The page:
Clear guidelines on whether FGM justifies asylum
The UK provides its immigration officials with guidelines on how to take gender issues into account when assessing asylum claims, and this includes specific reference to female genital mutilation (FGM).
The initial guidance issued in 2004 was updated in 2006 and 2010. During the last review, the Home Office consulted NGOs and professionals working on asylum, and incorporated some of their suggestions into the instruction, making it a strong document which explains the cultural factors that may leave women unable to protest against FGM and gives clear examples of cases where FGM may justify asylum being granted.
The instruction is a more effective tool to support caseworkers because it was developed in consultation with expert organisations, and is made easily available through being published on the UK Visas and Immigration website. Staff are given extensive training on considering asylum claims, including a specific course covering gender issues, and quality control procedures are in place to monitor decision quality and to ensure policy is kept up-to-date.
The international asylum rules
The UK has no specific national asylum legislation dealing with female genital mutilation (FGM), apart from its obligations under the 1951 Refugee Convention and the European Convention on Human Rights (ECHR), and the minimum standards for protection set by the EU qualification directive. However, there are international and national legal instruments which impose obligations on the UK to eliminate discrimination and gender-based violence. These include the UN Convention on the Elimination of All Forms of Discrimination against Women (CEDAW) ratified by the UK in 1986, the ECHR as implemented by the Human Rights Act 1998, and the Gender Equality Duty introduced into the Sex Discrimination Act 1975 by the Equality Act 2006.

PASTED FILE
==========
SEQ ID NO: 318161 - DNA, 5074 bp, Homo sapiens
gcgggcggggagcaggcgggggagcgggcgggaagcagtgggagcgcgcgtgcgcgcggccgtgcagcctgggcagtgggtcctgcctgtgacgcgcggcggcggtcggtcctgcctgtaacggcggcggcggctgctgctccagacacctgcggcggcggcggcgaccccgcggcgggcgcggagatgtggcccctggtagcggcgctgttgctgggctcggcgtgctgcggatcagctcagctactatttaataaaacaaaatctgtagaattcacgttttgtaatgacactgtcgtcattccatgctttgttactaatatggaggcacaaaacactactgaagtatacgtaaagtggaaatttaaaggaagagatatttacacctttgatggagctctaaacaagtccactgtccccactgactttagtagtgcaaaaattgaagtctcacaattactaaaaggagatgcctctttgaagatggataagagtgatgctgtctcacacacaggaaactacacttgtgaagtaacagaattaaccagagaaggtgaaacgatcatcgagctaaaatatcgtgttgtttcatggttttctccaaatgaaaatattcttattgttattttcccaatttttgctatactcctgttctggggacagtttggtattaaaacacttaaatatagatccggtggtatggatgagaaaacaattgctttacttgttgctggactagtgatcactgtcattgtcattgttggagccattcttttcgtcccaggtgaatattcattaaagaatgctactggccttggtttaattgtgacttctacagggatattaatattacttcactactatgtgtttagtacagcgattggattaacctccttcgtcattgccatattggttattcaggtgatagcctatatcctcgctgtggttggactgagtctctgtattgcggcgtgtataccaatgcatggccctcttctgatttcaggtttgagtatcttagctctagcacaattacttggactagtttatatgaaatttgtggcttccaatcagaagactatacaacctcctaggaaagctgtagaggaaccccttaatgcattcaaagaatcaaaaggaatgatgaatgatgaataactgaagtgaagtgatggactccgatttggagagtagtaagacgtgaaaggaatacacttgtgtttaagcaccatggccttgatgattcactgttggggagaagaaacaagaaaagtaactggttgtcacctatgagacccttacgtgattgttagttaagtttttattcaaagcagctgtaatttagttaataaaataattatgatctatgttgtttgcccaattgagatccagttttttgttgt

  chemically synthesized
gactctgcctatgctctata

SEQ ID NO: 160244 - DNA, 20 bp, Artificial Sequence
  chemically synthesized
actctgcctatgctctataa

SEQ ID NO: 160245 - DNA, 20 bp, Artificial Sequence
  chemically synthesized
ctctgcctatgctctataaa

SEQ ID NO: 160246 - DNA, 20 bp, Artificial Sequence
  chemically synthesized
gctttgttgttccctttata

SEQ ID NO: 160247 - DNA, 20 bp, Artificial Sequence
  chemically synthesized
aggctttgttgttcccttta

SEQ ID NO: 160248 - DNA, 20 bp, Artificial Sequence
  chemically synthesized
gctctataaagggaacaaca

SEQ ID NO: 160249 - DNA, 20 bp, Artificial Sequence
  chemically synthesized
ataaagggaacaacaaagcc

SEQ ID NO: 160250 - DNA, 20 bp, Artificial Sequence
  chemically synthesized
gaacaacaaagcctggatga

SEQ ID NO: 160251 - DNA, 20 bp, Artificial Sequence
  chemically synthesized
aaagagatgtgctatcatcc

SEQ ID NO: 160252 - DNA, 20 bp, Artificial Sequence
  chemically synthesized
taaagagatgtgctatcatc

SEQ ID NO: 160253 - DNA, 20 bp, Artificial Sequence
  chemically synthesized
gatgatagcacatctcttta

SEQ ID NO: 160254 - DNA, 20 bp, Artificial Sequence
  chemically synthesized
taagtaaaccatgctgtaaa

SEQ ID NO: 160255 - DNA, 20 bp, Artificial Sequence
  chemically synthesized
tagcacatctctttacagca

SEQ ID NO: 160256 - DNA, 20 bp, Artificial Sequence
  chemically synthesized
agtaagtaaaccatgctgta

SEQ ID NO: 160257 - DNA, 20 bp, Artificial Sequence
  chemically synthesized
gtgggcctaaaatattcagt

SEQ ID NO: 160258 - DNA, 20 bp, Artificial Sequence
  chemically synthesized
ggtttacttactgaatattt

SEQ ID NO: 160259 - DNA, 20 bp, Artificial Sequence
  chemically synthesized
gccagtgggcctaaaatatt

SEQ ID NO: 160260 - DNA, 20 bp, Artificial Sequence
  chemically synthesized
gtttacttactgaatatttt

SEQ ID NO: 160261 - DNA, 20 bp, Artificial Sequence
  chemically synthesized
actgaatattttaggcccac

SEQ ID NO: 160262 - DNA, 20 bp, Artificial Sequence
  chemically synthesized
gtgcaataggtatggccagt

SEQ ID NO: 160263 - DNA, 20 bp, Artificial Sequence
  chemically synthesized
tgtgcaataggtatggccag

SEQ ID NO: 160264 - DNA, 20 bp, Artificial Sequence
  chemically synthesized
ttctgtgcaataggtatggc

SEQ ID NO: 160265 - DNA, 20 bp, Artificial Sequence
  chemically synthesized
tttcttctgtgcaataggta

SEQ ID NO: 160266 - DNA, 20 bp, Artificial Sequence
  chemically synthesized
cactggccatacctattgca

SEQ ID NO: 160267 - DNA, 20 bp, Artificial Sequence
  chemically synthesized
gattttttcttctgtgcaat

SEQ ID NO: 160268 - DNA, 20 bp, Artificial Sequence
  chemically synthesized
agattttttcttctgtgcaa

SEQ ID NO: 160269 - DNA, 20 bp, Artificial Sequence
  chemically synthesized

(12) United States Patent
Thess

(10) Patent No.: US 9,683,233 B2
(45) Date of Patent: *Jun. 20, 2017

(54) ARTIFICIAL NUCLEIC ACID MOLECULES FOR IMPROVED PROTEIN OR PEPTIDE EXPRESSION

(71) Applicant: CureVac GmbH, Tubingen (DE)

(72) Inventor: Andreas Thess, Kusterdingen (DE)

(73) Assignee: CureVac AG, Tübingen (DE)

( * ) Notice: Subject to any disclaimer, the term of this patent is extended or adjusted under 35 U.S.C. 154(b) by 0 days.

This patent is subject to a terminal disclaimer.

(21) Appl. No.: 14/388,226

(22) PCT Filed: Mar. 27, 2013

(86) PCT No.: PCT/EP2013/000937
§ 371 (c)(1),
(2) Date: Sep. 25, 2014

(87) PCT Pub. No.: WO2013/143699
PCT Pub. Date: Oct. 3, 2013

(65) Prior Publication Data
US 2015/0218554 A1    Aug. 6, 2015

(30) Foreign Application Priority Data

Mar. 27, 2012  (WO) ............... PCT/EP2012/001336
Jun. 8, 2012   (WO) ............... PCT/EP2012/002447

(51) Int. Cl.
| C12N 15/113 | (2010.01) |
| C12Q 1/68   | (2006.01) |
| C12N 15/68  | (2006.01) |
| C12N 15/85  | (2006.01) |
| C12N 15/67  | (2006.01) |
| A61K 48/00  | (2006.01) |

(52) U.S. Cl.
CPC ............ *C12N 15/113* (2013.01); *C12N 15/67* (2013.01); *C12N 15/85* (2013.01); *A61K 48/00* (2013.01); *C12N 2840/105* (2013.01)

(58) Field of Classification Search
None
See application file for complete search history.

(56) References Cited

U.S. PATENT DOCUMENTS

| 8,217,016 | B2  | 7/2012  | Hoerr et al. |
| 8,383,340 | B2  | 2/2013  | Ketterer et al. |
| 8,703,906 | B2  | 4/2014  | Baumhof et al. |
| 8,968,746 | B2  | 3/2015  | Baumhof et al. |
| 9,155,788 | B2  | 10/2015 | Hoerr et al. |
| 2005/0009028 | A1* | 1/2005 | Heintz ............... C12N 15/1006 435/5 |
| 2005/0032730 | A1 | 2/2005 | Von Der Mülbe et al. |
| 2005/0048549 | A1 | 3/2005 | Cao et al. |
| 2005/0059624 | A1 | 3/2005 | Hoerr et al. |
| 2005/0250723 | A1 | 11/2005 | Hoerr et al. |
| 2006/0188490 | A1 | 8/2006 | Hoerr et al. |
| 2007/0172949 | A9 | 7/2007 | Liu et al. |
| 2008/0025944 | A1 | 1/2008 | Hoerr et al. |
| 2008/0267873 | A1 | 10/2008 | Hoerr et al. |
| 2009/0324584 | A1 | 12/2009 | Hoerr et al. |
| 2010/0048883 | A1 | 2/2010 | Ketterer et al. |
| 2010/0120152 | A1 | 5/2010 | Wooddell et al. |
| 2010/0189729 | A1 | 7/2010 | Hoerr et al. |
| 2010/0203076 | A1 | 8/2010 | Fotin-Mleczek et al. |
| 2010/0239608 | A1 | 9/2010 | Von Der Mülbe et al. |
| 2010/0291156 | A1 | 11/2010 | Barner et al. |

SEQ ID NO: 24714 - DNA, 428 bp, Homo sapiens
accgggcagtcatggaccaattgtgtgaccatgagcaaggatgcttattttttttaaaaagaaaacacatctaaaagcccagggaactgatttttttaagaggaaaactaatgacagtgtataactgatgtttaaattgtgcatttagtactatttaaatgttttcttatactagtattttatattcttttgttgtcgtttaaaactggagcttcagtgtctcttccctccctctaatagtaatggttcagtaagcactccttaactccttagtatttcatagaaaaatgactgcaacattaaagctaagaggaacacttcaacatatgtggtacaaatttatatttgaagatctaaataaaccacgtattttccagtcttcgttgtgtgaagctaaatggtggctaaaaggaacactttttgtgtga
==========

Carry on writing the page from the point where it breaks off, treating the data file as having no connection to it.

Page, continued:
Women and girls may claim asylum because they fear FGM if returned to their country of origin. They would need to show their fear was well-founded, that they could not seek protection from the authorities, and that they could not relocate to another area in their country.
However if a woman has already been subjected to FGM, UK Visas and Immigration would not consider that she would face a risk of persecution on the basis of FGM in the future. This would only be considered if there were a reasonable degree of likelihood, or a real risk of forced marriage, that the procedure might be redone after the birth of a baby, or that FGM might be performed on her daughters.
In 2004, the Home Office issued an asylum policy instruction to caseworkers, which guides them as to how they should address gender issues, including gender-based violence and the need to ensure gender-sensitive procedures throughout the asylum system. FGM is specifically mentioned several times within the instruction. The asylum policy instruction was revised in 2006 and reviewed again in 2010. During the last review process, a number of organisations were consulted, including Asylum Aid, the UN High Commissioner for Refugees (UNHCR) and the Immigration Law Practitioners Association (ILPA). The asylum policy instruction is considered to be a very strong policy document that includes suggestions made during the consultation process. UK Visas and Immigration recently introduced gender training for its staff to enhance their knowledge and to reinforce the key points in the asylum policy instruction.